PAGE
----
This won't be your typical slide lesson. I will show how you can add more chromatic harmony by fretting behind the slide with your left hand. We’ll also explore the tremendous amount of right-hand dexterity that is needed to pull off this particular type of slide playing, which I’m calling “subtle slide.”
In order to take full advantage of the added notes that are possible by fretting behind the slide, you will need to move the slide to your pinky. When you do, whole new worlds of possibilities will open up. It will also allow you to make three-note chords with the index, middle and ring fingers of the left hand.
In order to make fretting behind the slide work, you’ll need slightly high action and preferably medium-gauge strings or heavier. More mass means bigger tone and more sustain, and the strings won’t be slapping against the slide knocking out the fundamental pitch. Also, you may want to experiment with different slides: brass, chrome plated, glass, clay, Pyrex, etc. I prefer hand-blown thick glass, like off of old wine bottles, because the glass is slightly more porous than modern Pyrex-type glass and thus gives me a better purchase on the strings. It is also thick enough to sustain naturally without really needing a compressor, which many players feel they need when using thinner slides regardless of the material.
When fretting behind the slide, you want allow just enough clearance so the note you are fretting will pass beneath the slide and ring just like normal while the other strings are ringing out above it from the slide.
The right hand is a “co-dampener” along with the behind-the-slide left-hand fingers. This is essentially a classical ponticello technique (using rest strokes) where the string is plucked and stopped by the fingers. For practice, play p, i, m, p, i, m, etc. using free strokes and then with rest strokes and you’ll hear the difference.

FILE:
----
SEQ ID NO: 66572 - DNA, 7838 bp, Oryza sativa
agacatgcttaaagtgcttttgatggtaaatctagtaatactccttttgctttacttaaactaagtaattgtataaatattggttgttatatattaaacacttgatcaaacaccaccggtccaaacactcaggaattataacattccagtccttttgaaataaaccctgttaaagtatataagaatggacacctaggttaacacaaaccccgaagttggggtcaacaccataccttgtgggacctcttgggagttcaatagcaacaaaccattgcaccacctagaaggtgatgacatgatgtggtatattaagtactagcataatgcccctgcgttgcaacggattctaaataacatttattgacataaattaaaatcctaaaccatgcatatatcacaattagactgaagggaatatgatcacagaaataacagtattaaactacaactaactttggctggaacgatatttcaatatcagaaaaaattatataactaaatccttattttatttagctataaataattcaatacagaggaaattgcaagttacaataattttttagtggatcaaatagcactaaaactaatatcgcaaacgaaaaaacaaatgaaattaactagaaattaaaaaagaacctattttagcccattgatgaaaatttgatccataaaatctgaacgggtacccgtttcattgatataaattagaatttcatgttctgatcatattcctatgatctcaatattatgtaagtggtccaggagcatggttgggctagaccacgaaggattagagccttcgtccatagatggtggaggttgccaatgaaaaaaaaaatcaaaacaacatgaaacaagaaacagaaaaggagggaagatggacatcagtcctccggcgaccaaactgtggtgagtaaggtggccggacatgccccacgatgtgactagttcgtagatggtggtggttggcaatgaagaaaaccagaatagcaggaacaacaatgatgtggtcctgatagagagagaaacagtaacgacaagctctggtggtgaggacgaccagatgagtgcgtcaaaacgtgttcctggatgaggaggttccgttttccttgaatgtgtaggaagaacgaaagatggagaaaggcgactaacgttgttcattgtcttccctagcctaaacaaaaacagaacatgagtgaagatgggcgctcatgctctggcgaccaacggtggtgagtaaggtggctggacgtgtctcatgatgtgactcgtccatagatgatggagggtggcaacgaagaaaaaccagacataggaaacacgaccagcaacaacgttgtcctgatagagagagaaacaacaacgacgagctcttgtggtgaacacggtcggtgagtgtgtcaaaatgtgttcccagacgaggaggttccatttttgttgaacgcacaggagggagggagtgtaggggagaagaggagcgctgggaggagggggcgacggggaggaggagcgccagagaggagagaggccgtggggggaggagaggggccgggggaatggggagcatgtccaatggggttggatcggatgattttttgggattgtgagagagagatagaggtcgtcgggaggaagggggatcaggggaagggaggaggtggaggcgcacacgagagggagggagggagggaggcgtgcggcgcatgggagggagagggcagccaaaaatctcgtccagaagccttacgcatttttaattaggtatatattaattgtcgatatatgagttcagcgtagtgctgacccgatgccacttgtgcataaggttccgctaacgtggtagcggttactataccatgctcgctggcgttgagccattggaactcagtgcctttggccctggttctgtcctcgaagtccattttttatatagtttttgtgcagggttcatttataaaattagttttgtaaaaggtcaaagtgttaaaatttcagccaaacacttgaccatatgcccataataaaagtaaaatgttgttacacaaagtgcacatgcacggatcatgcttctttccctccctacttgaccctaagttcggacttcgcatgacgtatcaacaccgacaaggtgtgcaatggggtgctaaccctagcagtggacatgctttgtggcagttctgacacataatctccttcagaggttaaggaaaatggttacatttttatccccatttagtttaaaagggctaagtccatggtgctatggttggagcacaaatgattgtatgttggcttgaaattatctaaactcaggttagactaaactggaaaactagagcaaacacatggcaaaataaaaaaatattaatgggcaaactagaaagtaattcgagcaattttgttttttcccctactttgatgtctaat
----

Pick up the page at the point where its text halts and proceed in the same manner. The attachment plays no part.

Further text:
The open-D tune that will serve as the backdrop for this lesson, “Hazlehurst,” is a 12-bar blues, but there are enough subtle alterations and chord substitutions that it doesn’t sound like a typical Delta blues (even though I named it after Robert Johnson’s hometown of Hazlehurst, Mississippi).
After grooving on the I chord, D, in Ex. 1, the first use of behind-the-slide fretting occurs in Ex. 2 over the G chord. The slide is fretting the notes at the 5th fret with the index finger fretting the 3rd fret of the B string. This gives us an added 4th ringing against the 3rd and root of the chord. The same technique is repeated in Ex. 3 to end the first chorus.
Things are a little more advanced in the second chorus [Ex. 4]. Notice that in Ex. 5 there is a diminished chord (C#dim7) leading into the IV chord (G) and then two more (G#dim7 and Bdim7) getting back into the I chord. The dominant 7 chords in Ex. 6 are then achieved by using the index finger behind the slide two frets down on the fourth string. Finally, in Ex. 7, there is some cool reharmonization and a Gm chord that is made by fretting the third string one fret behind the slide at the 5th fret.